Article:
I've had other encounters. Recently, I summoned all my courage and entered a shoe-store. This takes courage principally because usually, when I approach the sale-staff, they look at my feet, widen their eyes and shake their heads dolefully, briskly retreating in their 20-centimetre shoes. I am Gulliver, attempting to be appropriately shod in Lilliput. This time, though, I was entering the Timbaland store, a hearty American brand which must surely cater for the foreign foot. I was enticed in by a pair on display, in the iconic fawn leather, but with a particularly Japanese twist: leopard lining. I got the doleful head-shake when I asked for a pair of those in my size, and was supplied with a pair of simpler, basic boots which might admit my foot. The sales assistant spoke no English whatsoever, so all of this communication was achieved through mime.

Luckily, the purchase of boots is more conducive to theatre than the purchase of laxatives.

I sat next to a Japanese woman who was, spitefully, trying on a pair of the same leopard-print boots that I had so coveted. She saw me looking and I sighed dramatically for her benefit, accompanying this with a properly doleful headshake. Instead of sniggering, she said, in perfect English 'Why don't you try their biggest pair? They might fit'. Her name was Risa. She had lived in America for four years. She never had the opportunity to practise her English since moving back to Japan two years ago, and my sitting beside her had provided her with the chance. And, thanks to her, I attempted the size 7.5 and found them to be a - if not perfect then certainly bearable - fit. We bonded over our matched boots and then marched to opposite ends of Pole Town, her relishing in the exercise of her rusty linguistics, and me delighting in my Brogdignagian Boots.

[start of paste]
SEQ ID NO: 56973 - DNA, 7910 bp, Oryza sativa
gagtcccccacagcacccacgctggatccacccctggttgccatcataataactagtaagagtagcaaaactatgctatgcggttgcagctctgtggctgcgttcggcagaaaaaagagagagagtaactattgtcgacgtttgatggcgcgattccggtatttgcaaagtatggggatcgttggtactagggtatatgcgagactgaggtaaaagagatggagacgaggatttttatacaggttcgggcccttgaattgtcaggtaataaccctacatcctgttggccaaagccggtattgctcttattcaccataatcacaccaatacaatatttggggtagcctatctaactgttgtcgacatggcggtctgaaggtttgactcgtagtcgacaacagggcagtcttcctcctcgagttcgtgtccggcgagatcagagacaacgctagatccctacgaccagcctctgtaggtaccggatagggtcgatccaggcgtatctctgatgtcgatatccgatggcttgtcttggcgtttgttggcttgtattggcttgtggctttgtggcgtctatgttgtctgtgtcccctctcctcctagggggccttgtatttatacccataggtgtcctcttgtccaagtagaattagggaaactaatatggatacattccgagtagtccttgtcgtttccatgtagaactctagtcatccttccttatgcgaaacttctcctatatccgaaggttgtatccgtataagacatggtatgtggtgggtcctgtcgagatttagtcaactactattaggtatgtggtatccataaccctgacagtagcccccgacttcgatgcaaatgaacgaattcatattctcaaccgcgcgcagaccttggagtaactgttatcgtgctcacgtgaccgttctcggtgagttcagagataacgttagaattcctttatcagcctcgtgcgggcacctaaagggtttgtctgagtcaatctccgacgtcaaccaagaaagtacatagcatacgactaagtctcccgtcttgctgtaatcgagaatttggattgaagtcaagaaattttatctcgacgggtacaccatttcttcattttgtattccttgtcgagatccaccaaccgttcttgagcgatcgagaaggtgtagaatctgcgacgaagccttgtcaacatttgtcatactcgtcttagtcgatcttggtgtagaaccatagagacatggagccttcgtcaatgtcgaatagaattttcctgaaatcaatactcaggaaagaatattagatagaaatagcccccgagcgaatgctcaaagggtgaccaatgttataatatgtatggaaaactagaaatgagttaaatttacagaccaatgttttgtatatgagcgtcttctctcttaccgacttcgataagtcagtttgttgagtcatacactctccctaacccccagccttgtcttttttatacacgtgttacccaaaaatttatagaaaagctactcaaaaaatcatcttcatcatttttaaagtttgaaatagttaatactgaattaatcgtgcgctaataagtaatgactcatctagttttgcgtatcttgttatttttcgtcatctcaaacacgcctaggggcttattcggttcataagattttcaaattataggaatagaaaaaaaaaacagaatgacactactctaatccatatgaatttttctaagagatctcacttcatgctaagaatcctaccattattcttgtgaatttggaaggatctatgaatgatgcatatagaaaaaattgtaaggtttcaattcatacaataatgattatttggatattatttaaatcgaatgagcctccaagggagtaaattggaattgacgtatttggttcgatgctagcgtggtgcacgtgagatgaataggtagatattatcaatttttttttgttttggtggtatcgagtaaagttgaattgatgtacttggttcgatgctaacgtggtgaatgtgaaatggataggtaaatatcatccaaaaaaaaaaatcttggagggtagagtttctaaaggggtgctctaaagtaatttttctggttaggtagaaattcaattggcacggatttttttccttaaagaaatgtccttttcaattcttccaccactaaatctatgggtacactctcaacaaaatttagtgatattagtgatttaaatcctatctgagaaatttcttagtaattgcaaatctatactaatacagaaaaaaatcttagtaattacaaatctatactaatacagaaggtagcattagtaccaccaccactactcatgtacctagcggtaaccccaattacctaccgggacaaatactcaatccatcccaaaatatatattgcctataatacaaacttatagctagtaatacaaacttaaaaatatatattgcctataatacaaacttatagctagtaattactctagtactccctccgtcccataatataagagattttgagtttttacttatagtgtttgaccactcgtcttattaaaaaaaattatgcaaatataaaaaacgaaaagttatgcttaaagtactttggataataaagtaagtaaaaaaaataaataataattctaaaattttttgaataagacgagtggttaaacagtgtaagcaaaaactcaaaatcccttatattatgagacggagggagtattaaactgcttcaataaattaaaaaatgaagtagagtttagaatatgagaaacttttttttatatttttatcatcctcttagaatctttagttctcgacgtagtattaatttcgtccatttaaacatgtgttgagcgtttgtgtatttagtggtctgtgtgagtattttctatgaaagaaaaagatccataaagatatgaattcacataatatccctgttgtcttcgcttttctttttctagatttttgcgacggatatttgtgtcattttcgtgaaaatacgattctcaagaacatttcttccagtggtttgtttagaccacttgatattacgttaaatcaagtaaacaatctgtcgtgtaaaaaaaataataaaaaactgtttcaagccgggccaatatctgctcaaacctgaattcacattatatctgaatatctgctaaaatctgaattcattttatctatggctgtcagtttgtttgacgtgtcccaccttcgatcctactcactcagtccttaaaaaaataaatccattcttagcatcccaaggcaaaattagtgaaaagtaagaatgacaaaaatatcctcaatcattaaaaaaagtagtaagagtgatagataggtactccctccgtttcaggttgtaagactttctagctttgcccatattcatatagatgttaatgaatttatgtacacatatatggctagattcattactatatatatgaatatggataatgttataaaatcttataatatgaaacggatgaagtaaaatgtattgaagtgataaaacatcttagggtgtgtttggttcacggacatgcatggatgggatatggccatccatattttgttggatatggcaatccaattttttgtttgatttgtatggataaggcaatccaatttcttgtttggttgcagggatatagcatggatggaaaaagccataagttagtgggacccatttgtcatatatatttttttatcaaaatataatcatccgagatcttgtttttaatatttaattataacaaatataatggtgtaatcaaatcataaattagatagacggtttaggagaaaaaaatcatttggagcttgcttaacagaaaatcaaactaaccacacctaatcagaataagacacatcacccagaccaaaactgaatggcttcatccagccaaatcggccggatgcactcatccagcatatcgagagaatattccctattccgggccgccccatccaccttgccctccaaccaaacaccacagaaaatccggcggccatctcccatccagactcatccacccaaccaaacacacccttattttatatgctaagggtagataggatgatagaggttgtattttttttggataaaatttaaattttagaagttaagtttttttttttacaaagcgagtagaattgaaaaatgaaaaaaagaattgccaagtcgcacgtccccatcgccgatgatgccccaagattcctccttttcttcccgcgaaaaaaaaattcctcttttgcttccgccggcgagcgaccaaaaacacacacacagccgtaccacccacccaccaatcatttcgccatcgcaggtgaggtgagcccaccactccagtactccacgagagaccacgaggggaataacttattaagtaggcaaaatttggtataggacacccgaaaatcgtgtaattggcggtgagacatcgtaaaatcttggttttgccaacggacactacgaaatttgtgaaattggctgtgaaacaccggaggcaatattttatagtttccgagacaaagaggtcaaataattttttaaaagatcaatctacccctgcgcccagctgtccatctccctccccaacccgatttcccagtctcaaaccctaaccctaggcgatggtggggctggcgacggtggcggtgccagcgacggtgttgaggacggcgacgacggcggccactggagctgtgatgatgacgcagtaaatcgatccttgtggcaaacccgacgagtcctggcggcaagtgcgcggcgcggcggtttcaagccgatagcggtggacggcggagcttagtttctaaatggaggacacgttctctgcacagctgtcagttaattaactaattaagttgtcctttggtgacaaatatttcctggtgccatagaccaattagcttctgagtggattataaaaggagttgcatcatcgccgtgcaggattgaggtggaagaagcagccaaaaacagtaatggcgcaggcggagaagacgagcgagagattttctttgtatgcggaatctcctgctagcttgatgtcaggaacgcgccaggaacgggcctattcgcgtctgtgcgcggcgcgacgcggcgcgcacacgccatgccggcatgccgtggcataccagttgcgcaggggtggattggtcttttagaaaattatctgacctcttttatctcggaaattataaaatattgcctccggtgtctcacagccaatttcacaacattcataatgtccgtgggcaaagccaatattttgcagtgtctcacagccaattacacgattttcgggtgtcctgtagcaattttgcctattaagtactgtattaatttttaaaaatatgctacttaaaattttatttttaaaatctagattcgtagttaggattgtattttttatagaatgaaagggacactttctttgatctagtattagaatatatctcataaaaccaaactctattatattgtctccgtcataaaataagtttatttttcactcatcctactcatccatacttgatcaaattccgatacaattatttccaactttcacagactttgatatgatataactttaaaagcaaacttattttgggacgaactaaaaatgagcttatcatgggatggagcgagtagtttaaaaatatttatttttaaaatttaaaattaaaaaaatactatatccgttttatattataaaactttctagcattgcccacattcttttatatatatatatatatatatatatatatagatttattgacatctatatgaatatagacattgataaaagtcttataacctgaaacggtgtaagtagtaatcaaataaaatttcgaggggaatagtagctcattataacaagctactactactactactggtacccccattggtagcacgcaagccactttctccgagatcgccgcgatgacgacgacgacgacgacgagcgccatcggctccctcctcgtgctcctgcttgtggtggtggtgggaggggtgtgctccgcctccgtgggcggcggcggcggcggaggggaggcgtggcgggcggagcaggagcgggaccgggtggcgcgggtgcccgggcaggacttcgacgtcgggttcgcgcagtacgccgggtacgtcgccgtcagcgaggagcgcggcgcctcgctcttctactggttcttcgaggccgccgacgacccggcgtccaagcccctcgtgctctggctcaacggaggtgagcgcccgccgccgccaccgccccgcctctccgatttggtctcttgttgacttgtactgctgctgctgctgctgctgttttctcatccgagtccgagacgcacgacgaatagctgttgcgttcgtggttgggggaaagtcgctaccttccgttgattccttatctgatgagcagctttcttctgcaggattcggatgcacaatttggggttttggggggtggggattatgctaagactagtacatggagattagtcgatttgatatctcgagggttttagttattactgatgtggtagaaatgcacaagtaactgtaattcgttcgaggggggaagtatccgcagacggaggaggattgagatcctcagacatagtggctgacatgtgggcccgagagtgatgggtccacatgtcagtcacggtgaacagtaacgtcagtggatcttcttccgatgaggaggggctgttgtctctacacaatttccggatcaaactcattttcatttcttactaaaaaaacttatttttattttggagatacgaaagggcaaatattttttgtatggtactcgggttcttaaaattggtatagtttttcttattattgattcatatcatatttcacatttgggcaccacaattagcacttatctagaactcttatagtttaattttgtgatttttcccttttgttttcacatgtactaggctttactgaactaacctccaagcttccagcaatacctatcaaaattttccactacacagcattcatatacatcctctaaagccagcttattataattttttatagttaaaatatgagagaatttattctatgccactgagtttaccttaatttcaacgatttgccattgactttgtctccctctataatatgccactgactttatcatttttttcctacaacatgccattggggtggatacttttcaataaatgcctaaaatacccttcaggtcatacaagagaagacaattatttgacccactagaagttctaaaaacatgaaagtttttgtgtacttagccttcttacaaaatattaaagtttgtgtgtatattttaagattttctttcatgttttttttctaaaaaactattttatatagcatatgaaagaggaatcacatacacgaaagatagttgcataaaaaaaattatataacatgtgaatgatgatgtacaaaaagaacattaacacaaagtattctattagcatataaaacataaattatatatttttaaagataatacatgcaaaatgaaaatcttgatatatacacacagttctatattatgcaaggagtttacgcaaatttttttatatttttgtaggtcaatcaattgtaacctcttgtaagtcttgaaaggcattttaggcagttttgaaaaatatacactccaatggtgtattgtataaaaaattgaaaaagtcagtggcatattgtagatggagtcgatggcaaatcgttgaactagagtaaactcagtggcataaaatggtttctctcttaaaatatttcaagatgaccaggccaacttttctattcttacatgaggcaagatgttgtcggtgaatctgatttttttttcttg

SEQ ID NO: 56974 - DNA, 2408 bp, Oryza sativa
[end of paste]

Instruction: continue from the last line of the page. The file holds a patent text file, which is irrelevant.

Encounters with adults like Risa are rare, but school children are young and hormonal and impulsive and therefore less bound by precedent than their older counterparts. They are often more willing to speak to me, usually when they have been snapped staring. Giggling girls will shout 'Cuuuuuuuuuuuuuuuuuuuute' as I bypass them on the escalator. Boys will yell 'Good afternoon' as I trudge up to the school entrance at 8am. Japanese school children may be smarter and better dressed than their Western counterparts, but they are still subject to the same whims (cat-calling; bullying; cross-dressing), and they often expose my continuing ignorance of the fact that I stand out here like a neon sign at midnight.

You see, in New Zealand, if someone walking/running/driving/biking past you at speed yells 'Come home with me now!', it is entirely likely that he/she is talking to someone else. An errant toddler, perhaps, or a confused elderly father. One can walk on, head down, safe in the knowledge that there are hundreds of people in one's immediate surrounds to whom the statement might pertain.

However, in Japan, where you are the only foreigner within a kilometre radius, it is probably you who has just been authoratively sexually propositioned by a sixteen year old on a blue bicycle.

1 comment:

  1. I think I need to come to Japan, I would fit all the shoes!

    (slightly sad as I realise this is the last post)

    Can you tell I also just figured out how to comment? Go me.